A frequent criticism I’ve received over the years is that I’m too negative, at least when contrasted with the saucer-eyed, “Heeey guyyyz” entertainers potted about on the Internet dot com. The primary factor might be my voice, which has always been described as monotone, even when I am not trying to be, but at any rate the perception sticks, regardless of what is being discussed. I have of course made the distinction between realism and cynicism where folks accuse me of the latter, yet the chatterbirds continue shrieking, because they want something positive.
The problem is, positivity can often be a mask for real issues. The country is burning from communist-fueled riots, and our currency continues to hyperinflate, but no worries, because there is a nice Independence Day parade, and flags aplenty. There are monster video game birds to beat, and softer bird varieties to game in real life. Pills can cure diseases, and even bring smiles to the depressed, providing we all remain upbeat and happy. Just listen to the music, and slowly mong to some Snow Patrol. It’ll be ok.
In this way the positivity gospel becomes so fanatical that any dissent is viewed with derision and seen as heresy. No matter how “positive” the intentions of the messenger might be, his interruption of the comfortable norm means he must be labeled as a depressing fatalist or misanthrope. That innocent act of pricking the lovely bubble of punchbowl ecstasy makes him marked for erasure, lest he otherwise white-out their splendid existence.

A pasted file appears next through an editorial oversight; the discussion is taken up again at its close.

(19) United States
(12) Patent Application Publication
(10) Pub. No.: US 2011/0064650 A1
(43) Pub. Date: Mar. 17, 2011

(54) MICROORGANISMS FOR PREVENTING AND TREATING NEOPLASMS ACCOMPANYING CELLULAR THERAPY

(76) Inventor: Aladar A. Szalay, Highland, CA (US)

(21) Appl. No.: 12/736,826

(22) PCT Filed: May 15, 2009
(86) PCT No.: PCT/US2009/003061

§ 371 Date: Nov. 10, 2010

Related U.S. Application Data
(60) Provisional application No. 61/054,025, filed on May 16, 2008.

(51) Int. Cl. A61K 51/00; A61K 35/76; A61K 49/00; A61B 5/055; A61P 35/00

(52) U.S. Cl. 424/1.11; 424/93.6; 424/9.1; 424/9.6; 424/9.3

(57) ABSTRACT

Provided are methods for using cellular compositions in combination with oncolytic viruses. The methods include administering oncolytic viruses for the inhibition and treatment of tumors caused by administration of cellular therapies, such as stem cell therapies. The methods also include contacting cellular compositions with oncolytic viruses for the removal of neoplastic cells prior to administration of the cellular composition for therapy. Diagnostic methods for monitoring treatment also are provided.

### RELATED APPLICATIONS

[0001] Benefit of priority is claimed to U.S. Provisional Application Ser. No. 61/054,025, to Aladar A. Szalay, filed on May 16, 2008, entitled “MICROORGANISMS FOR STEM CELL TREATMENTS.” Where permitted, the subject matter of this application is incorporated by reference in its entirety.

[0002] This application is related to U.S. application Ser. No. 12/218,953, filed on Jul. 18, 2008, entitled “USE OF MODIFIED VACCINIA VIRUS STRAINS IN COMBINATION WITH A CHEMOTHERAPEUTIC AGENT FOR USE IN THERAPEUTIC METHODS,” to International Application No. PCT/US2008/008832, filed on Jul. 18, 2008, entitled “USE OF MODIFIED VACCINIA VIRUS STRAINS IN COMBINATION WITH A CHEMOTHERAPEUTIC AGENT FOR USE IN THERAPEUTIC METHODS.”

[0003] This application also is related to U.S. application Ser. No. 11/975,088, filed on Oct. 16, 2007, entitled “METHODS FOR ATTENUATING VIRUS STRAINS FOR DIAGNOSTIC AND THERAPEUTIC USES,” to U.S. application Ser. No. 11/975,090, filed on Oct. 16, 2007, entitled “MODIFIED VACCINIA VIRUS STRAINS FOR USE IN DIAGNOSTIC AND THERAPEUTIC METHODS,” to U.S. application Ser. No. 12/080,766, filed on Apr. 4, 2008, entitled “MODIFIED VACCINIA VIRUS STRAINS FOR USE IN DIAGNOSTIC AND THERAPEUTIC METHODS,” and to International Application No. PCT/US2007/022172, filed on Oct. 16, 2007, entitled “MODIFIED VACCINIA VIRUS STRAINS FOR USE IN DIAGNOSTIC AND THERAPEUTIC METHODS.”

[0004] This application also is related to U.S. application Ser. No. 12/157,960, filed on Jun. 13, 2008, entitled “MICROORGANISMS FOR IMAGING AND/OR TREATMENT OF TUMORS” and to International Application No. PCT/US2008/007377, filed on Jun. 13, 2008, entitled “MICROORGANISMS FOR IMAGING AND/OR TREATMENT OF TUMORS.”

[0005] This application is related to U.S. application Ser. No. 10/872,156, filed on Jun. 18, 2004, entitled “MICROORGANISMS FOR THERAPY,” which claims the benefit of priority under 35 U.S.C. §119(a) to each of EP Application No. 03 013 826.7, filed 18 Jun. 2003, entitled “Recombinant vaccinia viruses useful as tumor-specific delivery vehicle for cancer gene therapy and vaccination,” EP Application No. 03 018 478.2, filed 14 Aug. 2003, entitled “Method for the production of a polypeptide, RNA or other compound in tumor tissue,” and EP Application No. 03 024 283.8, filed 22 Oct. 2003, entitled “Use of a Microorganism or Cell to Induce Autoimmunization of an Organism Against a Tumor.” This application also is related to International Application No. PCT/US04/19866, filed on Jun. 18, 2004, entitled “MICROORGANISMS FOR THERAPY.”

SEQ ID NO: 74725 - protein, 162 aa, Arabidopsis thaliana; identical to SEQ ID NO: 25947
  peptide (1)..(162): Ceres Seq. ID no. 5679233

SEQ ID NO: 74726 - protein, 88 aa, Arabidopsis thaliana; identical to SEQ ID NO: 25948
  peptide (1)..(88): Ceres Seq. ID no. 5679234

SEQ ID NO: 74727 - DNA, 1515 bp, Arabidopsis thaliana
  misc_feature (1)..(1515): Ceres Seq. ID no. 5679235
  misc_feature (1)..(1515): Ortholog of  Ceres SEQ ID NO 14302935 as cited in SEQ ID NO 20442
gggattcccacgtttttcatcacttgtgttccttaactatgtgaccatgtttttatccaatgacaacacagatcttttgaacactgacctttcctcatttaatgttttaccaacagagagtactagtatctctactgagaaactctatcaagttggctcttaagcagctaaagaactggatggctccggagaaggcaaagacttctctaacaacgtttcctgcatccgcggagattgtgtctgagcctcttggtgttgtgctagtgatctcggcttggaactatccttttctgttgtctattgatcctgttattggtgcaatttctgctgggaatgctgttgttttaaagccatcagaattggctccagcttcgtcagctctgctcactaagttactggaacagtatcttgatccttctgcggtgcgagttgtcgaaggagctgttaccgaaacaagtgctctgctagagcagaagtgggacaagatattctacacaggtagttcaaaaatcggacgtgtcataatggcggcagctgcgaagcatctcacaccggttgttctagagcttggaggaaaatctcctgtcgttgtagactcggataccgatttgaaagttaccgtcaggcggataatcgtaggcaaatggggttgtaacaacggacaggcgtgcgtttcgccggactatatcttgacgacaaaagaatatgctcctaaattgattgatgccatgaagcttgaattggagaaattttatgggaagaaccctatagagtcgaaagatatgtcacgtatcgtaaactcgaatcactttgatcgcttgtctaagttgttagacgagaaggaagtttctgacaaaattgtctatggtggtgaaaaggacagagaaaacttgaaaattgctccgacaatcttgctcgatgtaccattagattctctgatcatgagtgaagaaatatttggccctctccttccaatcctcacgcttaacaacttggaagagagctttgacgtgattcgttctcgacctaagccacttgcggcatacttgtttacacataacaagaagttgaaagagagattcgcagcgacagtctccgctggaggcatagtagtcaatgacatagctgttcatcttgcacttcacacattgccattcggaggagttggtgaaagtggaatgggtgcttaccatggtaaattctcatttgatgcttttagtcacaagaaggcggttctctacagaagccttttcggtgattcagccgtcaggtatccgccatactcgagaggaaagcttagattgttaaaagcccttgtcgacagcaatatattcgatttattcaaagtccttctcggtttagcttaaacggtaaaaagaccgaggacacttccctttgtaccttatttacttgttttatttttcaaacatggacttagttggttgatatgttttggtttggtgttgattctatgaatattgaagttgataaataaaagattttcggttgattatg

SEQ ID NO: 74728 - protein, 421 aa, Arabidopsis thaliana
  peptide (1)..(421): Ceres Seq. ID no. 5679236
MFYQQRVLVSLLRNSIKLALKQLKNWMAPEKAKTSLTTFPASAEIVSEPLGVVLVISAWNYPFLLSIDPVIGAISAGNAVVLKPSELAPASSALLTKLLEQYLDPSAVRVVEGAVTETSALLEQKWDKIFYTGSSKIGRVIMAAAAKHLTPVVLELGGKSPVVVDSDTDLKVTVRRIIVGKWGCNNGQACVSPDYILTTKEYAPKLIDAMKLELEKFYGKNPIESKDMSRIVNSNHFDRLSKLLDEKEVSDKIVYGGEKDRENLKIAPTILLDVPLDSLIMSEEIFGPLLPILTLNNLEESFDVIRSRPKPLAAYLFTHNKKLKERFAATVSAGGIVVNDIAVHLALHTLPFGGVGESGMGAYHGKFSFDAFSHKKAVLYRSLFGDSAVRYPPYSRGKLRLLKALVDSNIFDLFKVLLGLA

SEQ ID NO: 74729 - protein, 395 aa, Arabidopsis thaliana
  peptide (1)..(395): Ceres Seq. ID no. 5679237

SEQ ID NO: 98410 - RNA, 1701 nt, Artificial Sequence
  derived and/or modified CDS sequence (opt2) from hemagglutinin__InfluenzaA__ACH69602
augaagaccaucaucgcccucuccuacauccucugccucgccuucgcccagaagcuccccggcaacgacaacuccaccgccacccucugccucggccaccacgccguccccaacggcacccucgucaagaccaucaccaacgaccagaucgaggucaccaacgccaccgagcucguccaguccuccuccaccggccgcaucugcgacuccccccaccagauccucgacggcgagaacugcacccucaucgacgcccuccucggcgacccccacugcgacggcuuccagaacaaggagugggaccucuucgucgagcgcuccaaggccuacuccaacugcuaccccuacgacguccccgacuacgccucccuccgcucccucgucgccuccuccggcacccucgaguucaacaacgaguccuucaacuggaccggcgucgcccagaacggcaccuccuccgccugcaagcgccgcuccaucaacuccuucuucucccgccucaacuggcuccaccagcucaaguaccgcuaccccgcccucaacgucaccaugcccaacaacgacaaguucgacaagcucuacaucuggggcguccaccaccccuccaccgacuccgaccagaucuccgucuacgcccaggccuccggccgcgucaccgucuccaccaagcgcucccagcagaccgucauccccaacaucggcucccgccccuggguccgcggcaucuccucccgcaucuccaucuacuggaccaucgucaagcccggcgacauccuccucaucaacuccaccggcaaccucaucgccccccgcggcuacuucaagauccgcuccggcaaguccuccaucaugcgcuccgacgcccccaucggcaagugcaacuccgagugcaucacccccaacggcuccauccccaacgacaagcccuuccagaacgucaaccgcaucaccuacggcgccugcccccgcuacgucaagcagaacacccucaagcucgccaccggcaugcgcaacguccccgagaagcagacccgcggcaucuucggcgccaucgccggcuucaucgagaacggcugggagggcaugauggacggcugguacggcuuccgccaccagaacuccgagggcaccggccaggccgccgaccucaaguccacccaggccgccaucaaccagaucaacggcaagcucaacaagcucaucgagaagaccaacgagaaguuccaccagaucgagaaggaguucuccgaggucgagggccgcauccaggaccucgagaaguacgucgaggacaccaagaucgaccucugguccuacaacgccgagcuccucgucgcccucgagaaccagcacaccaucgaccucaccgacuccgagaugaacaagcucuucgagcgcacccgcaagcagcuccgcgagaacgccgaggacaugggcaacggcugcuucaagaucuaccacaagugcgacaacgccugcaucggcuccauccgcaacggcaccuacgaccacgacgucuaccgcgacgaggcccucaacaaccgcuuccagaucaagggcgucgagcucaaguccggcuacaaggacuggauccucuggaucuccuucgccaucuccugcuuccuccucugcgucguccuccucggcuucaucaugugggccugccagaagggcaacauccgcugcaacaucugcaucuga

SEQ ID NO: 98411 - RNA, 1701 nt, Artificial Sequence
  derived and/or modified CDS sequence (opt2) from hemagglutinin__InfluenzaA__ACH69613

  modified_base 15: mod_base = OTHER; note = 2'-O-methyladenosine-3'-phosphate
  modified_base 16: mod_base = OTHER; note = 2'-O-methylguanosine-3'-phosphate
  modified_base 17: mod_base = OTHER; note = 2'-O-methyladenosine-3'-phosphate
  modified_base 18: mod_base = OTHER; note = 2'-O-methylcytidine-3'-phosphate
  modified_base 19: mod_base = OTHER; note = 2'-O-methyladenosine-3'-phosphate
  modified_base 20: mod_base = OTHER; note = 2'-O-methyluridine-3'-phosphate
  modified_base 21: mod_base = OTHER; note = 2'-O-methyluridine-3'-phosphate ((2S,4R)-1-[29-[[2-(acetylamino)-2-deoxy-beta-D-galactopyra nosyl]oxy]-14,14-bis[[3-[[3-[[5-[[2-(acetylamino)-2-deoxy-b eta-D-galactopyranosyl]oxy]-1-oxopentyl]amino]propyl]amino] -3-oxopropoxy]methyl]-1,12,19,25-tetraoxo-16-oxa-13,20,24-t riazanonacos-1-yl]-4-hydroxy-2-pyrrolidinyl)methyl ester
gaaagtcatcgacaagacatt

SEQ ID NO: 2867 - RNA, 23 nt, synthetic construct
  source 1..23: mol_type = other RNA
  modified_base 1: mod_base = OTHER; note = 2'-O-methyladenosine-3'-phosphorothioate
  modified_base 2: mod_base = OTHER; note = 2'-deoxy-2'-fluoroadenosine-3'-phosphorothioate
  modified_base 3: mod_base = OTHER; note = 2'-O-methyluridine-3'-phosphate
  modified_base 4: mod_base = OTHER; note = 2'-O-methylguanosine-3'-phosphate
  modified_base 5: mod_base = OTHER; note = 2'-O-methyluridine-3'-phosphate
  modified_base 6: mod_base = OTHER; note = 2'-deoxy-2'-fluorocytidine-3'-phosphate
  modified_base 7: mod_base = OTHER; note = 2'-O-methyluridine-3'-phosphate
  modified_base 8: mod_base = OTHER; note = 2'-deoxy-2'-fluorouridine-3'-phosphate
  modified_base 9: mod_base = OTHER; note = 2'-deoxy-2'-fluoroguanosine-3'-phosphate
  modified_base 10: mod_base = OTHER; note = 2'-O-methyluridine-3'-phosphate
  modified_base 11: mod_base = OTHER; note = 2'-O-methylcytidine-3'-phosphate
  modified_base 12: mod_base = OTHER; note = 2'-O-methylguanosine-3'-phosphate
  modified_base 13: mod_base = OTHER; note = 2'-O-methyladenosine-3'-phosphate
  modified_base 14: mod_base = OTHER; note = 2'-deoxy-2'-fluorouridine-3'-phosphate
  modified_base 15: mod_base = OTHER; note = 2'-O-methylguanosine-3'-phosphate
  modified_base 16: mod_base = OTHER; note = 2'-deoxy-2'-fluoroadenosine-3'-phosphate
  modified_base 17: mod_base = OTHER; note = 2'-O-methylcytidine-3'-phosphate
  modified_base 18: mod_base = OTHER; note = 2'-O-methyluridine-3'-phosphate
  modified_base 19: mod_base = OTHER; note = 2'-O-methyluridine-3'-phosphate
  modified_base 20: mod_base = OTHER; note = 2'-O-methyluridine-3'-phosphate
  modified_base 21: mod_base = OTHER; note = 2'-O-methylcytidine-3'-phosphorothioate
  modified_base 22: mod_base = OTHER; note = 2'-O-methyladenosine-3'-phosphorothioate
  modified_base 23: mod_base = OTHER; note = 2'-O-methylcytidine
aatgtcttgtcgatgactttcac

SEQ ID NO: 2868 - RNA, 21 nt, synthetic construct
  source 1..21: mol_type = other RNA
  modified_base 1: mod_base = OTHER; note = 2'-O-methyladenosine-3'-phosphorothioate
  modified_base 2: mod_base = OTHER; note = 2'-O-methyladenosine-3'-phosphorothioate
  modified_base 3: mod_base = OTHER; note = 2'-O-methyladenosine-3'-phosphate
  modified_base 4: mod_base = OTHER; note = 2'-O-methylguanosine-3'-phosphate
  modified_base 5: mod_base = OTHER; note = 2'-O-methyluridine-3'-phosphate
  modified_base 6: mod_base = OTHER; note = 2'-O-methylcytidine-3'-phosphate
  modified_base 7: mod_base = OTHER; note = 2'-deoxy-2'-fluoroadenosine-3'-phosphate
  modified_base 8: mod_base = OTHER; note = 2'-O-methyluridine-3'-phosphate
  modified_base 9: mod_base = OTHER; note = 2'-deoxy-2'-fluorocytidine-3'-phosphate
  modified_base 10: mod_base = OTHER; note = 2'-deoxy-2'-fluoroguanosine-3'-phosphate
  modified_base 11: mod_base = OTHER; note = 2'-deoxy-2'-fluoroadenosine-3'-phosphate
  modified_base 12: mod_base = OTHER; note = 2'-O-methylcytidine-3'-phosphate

But of course unfettered positivity is dangerous, and the responsible souls must call it out. How can anyone fathom telling a man to wed a harlot, or buy a car at 18 percent APR, just because it carries a good attitude to the fore? Should you abandon the youth to become rabble merely so no one’s Mozilla-endorsed “be proud of yourself” groove is thrown off by an elderly curmudgeon?
Positivity advocates will of course respond by claiming they do not actually support such ideals, yet their actions are telling. There is only so much that self-talk, weight-lifting, and pro-energy dieting can accomplish before an individual is forced to be honest (read: a realist) and make changes that will ruffle the feathers of that “slap you bro’s ass” crowd and their committed Wayne Newton smiles.
As for myself, I will continue to speak out, because while we may not successfully mobilize the masses, every mind pinged might just nudge another in the right direction. The momentum could become a waterfall, then perhaps collapse into a gushing ocean. Things might just change.
And to be honest, that sounds pretty positive.
2 thoughts on “When Positivity is Delusional”
Great post 😁
People who want positivity are the ones looking to be entertained. These are the crowds who migrated from TV and want the same old experience instead of content that makes you think and question. Thanks for speaking the truth realistically.